Creditors also need to stop collection efforts once a debtor has filed for bankruptcy. If creditors fail to follow the automatic stay, they could face costly damages, including punitive damages, or punishment for disregarding the automatic stay. Creditors must file their claim with the appropriate court that will confirm and validate the debt. Creditors have a right to share in the bankruptcy estate, which is made up of the debtor's property rights and interests. Creditors may also take part in the discussions and decisions about priority of the repayments and liquidation of assets (converting assets into cash). Creditors' status as secured or unsecured creditor is vital in this phase of the bankruptcy proceedings. Creditors may give input to the court on matters that affect them, including the bankruptcy debtor's plan, the liquidation of non-exempt assets (assets that can be sold to repay creditors), and payments from the estate. The creditors also have the right to challenge the discharge rights of the debtor, and this can be in general or related to a particular debt owed. These rights require the creditor to stay in contact with the bankruptcy trustee (person overseeing the ownership of the debtor's property) or appointed officer and respond to court documents, hearings, and deadlines. Failure to follow the court's instructions during the bankruptcy proceedings could prove costly to creditors.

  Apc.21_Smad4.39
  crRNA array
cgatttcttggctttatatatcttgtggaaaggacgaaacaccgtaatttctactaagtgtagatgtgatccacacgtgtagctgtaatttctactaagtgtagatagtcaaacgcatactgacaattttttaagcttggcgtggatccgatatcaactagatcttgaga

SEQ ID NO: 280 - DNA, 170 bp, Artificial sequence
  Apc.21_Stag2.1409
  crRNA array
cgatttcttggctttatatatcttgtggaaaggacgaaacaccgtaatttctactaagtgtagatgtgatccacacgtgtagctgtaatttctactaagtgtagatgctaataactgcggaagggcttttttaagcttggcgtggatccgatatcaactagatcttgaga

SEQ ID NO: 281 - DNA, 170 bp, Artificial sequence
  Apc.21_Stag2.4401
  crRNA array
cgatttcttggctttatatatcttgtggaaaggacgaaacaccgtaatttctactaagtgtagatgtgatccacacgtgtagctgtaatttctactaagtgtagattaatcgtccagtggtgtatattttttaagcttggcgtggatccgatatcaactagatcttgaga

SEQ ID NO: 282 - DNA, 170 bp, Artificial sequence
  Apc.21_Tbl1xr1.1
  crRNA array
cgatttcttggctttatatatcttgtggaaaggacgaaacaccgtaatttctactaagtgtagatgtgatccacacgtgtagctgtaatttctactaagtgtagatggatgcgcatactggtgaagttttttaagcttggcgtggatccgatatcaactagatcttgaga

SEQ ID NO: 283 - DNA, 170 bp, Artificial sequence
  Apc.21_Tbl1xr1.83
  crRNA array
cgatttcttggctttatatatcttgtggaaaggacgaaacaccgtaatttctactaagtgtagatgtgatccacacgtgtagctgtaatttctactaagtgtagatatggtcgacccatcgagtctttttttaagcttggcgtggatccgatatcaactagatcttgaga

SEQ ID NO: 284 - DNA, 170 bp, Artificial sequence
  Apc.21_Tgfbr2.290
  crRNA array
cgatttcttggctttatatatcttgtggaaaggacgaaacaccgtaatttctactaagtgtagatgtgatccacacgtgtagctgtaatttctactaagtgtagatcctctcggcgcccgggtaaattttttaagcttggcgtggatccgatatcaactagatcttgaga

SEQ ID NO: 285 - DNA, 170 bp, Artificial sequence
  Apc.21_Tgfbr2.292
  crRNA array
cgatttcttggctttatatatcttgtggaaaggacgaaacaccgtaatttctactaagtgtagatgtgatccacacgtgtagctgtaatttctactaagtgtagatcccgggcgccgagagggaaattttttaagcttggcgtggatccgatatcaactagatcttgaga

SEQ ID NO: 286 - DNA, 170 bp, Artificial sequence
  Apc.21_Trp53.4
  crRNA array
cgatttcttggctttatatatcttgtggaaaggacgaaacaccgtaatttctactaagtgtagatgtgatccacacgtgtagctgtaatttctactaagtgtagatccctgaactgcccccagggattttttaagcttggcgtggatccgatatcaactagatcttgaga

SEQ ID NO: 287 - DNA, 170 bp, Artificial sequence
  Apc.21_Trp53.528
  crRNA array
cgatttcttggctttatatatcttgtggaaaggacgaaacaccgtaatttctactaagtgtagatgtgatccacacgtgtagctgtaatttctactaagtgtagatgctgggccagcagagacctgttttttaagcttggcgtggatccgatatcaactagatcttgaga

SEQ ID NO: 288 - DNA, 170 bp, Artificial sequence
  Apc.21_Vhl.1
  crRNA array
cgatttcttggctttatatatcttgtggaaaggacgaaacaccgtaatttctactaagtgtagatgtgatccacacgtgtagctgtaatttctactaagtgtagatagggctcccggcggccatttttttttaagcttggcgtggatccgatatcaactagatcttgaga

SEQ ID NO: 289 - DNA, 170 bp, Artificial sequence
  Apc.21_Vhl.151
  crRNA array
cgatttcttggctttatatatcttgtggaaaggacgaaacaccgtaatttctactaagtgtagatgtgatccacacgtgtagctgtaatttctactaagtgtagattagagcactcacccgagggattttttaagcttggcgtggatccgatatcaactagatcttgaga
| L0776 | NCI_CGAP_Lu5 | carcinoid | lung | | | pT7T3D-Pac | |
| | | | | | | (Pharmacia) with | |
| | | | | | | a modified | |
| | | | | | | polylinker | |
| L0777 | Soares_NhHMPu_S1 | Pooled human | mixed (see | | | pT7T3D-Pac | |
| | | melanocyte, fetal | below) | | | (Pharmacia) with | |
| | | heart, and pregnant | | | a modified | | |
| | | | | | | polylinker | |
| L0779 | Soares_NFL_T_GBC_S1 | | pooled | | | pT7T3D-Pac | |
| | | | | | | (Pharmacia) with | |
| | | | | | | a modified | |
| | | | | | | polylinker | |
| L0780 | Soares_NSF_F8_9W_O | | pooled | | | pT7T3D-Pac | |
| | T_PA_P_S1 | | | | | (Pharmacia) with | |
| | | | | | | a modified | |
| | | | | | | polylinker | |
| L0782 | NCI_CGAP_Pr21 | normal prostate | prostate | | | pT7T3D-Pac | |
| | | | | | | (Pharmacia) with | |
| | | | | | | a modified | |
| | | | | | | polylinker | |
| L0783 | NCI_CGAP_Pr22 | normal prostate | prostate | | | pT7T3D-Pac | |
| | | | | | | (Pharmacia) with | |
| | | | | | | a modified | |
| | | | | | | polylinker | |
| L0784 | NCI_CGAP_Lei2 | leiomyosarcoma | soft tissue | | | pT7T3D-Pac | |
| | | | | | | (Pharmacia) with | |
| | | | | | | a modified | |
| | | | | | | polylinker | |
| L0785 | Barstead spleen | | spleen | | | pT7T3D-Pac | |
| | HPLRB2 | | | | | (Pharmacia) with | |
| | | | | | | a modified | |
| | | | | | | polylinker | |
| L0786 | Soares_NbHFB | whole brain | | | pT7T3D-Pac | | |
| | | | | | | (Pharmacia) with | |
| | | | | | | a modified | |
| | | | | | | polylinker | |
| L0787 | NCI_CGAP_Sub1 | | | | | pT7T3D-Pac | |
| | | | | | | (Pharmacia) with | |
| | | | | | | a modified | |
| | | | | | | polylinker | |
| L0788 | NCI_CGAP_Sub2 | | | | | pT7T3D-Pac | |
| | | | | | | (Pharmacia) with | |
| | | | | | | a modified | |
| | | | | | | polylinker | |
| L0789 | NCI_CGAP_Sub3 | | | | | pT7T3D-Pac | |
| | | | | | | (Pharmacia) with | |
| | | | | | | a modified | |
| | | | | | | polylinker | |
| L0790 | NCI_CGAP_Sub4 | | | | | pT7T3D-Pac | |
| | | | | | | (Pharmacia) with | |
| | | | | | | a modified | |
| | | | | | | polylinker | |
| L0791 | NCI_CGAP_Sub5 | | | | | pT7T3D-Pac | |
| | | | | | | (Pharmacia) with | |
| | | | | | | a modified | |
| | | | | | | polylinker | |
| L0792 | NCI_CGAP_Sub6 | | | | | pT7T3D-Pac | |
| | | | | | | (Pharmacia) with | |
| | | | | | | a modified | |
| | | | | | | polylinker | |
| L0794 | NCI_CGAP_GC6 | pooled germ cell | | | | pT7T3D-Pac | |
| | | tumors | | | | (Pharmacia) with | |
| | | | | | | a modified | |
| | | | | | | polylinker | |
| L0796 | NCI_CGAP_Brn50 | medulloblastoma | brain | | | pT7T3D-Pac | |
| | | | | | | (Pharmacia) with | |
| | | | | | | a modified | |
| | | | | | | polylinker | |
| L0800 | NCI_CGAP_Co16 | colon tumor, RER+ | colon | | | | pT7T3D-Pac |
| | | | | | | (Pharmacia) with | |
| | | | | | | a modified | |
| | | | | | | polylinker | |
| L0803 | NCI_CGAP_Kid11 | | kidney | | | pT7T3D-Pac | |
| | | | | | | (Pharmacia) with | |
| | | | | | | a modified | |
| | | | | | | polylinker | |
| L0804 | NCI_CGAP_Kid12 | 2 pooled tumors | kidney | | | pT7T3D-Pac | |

Debt Collection and Repossession Rights

Creditors must cease collection and repossession actions as soon as the bankruptcy is filed. This protection generally extends to cosigners who are not in bankruptcy proceedings.

The Bankruptcy Code requires an automatic stay, which means that creditors must stop trying to collect debt from that person or business as soon as the bankruptcy petition is filed. This protection extends to cosigners of the respective debt who may or may not be part of the bankruptcy proceedings. Creditors must stop all collection efforts, including automated calls, e-mails, text messages, and direct mailings. Failure to comply will result in fines and most likely damages, including the possibility of punitive damages for deliberate and intentional disregard for the automatic stay.